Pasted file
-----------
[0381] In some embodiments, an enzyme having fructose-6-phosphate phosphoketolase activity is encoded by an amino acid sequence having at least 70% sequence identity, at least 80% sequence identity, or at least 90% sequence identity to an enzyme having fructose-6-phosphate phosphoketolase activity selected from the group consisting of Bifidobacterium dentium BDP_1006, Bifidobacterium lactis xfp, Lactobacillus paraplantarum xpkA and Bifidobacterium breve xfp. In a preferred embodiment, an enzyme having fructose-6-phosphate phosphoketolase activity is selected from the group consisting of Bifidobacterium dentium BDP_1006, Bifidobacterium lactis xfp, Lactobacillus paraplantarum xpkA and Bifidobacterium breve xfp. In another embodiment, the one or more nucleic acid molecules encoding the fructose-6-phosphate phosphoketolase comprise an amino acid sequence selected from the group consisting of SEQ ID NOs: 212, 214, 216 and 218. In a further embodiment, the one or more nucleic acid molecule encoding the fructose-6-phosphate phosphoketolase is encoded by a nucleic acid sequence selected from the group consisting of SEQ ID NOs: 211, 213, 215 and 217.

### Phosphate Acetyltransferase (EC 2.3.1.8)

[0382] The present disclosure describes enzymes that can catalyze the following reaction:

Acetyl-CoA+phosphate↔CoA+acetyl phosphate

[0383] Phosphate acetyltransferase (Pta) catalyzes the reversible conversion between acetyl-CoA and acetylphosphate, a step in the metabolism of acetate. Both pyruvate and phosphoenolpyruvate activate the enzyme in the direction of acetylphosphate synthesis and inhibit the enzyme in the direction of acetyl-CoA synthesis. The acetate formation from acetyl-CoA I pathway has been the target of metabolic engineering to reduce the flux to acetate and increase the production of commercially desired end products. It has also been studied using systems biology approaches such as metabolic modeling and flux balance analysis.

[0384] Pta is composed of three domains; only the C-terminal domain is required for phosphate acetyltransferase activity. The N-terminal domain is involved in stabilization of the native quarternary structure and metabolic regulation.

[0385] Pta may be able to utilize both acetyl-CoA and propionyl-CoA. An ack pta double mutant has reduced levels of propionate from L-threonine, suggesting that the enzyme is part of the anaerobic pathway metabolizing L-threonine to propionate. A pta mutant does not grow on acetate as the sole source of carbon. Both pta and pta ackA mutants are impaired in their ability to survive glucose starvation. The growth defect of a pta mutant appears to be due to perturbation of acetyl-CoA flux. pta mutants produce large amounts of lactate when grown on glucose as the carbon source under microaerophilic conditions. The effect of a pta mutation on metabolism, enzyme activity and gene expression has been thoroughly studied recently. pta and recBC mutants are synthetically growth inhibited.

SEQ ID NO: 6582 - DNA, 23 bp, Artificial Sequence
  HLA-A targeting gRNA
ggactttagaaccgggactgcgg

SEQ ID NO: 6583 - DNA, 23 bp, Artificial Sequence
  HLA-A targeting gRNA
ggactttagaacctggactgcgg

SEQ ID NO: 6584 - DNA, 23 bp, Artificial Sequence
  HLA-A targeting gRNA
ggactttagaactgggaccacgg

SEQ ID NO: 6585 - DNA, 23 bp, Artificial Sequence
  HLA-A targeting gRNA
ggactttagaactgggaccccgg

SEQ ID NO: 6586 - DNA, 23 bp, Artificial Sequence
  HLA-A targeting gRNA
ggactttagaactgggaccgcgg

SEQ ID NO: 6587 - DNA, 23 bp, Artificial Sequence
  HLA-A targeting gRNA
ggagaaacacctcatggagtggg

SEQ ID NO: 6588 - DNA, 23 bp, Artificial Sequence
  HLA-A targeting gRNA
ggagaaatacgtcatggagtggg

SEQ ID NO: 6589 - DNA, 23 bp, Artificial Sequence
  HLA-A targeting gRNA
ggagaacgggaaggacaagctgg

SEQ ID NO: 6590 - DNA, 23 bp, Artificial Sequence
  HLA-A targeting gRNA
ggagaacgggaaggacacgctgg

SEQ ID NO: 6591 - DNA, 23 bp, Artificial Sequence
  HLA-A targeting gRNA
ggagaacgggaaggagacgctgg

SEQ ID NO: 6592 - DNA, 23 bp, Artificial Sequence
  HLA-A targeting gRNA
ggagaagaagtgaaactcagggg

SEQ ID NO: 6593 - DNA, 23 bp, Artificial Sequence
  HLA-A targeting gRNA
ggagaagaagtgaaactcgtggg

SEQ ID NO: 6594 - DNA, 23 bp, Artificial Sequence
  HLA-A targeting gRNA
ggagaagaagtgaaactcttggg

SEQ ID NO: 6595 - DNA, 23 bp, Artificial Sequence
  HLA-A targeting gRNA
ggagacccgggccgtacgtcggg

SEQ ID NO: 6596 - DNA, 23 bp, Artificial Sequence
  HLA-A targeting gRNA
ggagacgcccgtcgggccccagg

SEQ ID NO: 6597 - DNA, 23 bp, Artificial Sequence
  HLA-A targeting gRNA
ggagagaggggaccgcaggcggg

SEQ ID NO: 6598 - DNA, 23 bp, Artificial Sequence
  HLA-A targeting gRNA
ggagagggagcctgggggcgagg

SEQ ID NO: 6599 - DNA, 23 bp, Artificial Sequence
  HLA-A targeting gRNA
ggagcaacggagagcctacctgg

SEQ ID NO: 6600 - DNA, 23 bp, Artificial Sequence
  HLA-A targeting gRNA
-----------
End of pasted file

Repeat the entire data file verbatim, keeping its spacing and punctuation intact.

[0381] In some embodiments, an enzyme having fructose-6-phosphate phosphoketolase activity is encoded by an amino acid sequence having at least 70% sequence identity, at least 80% sequence identity, or at least 90% sequence identity to an enzyme having fructose-6-phosphate phosphoketolase activity selected from the group consisting of Bifidobacterium dentium BDP_1006, Bifidobacterium lactis xfp, Lactobacillus paraplantarum xpkA and Bifidobacterium breve xfp. In a preferred embodiment, an enzyme having fructose-6-phosphate phosphoketolase activity is selected from the group consisting of Bifidobacterium dentium BDP_1006, Bifidobacterium lactis xfp, Lactobacillus paraplantarum xpkA and Bifidobacterium breve xfp. In another embodiment, the one or more nucleic acid molecules encoding the fructose-6-phosphate phosphoketolase comprise an amino acid sequence selected from the group consisting of SEQ ID NOs: 212, 214, 216 and 218. In a further embodiment, the one or more nucleic acid molecule encoding the fructose-6-phosphate phosphoketolase is encoded by a nucleic acid sequence selected from the group consisting of SEQ ID NOs: 211, 213, 215 and 217.

### Phosphate Acetyltransferase (EC 2.3.1.8)

[0382] The present disclosure describes enzymes that can catalyze the following reaction:

Acetyl-CoA+phosphate↔CoA+acetyl phosphate

[0383] Phosphate acetyltransferase (Pta) catalyzes the reversible conversion between acetyl-CoA and acetylphosphate, a step in the metabolism of acetate. Both pyruvate and phosphoenolpyruvate activate the enzyme in the direction of acetylphosphate synthesis and inhibit the enzyme in the direction of acetyl-CoA synthesis. The acetate formation from acetyl-CoA I pathway has been the target of metabolic engineering to reduce the flux to acetate and increase the production of commercially desired end products. It has also been studied using systems biology approaches such as metabolic modeling and flux balance analysis.

[0384] Pta is composed of three domains; only the C-terminal domain is required for phosphate acetyltransferase activity. The N-terminal domain is involved in stabilization of the native quarternary structure and metabolic regulation.

[0385] Pta may be able to utilize both acetyl-CoA and propionyl-CoA. An ack pta double mutant has reduced levels of propionate from L-threonine, suggesting that the enzyme is part of the anaerobic pathway metabolizing L-threonine to propionate. A pta mutant does not grow on acetate as the sole source of carbon. Both pta and pta ackA mutants are impaired in their ability to survive glucose starvation. The growth defect of a pta mutant appears to be due to perturbation of acetyl-CoA flux. pta mutants produce large amounts of lactate when grown on glucose as the carbon source under microaerophilic conditions. The effect of a pta mutation on metabolism, enzyme activity and gene expression has been thoroughly studied recently. pta and recBC mutants are synthetically growth inhibited.

SEQ ID NO: 6582 - DNA, 23 bp, Artificial Sequence
  HLA-A targeting gRNA
ggactttagaaccgggactgcgg

SEQ ID NO: 6583 - DNA, 23 bp, Artificial Sequence
  HLA-A targeting gRNA
ggactttagaacctggactgcgg

SEQ ID NO: 6584 - DNA, 23 bp, Artificial Sequence
  HLA-A targeting gRNA
ggactttagaactgggaccacgg

SEQ ID NO: 6585 - DNA, 23 bp, Artificial Sequence
  HLA-A targeting gRNA
ggactttagaactgggaccccgg

SEQ ID NO: 6586 - DNA, 23 bp, Artificial Sequence
  HLA-A targeting gRNA
ggactttagaactgggaccgcgg

SEQ ID NO: 6587 - DNA, 23 bp, Artificial Sequence
  HLA-A targeting gRNA
ggagaaacacctcatggagtggg

SEQ ID NO: 6588 - DNA, 23 bp, Artificial Sequence
  HLA-A targeting gRNA
ggagaaatacgtcatggagtggg

SEQ ID NO: 6589 - DNA, 23 bp, Artificial Sequence
  HLA-A targeting gRNA
ggagaacgggaaggacaagctgg

SEQ ID NO: 6590 - DNA, 23 bp, Artificial Sequence
  HLA-A targeting gRNA
ggagaacgggaaggacacgctgg

SEQ ID NO: 6591 - DNA, 23 bp, Artificial Sequence
  HLA-A targeting gRNA
ggagaacgggaaggagacgctgg

SEQ ID NO: 6592 - DNA, 23 bp, Artificial Sequence
  HLA-A targeting gRNA
ggagaagaagtgaaactcagggg

SEQ ID NO: 6593 - DNA, 23 bp, Artificial Sequence
  HLA-A targeting gRNA
ggagaagaagtgaaactcgtggg

SEQ ID NO: 6594 - DNA, 23 bp, Artificial Sequence
  HLA-A targeting gRNA
ggagaagaagtgaaactcttggg

SEQ ID NO: 6595 - DNA, 23 bp, Artificial Sequence
  HLA-A targeting gRNA
ggagacccgggccgtacgtcggg

SEQ ID NO: 6596 - DNA, 23 bp, Artificial Sequence
  HLA-A targeting gRNA
ggagacgcccgtcgggccccagg

SEQ ID NO: 6597 - DNA, 23 bp, Artificial Sequence
  HLA-A targeting gRNA
ggagagaggggaccgcaggcggg

SEQ ID NO: 6598 - DNA, 23 bp, Artificial Sequence
  HLA-A targeting gRNA
ggagagggagcctgggggcgagg

SEQ ID NO: 6599 - DNA, 23 bp, Artificial Sequence
  HLA-A targeting gRNA
ggagcaacggagagcctacctgg

SEQ ID NO: 6600 - DNA, 23 bp, Artificial Sequence
  HLA-A targeting gRNA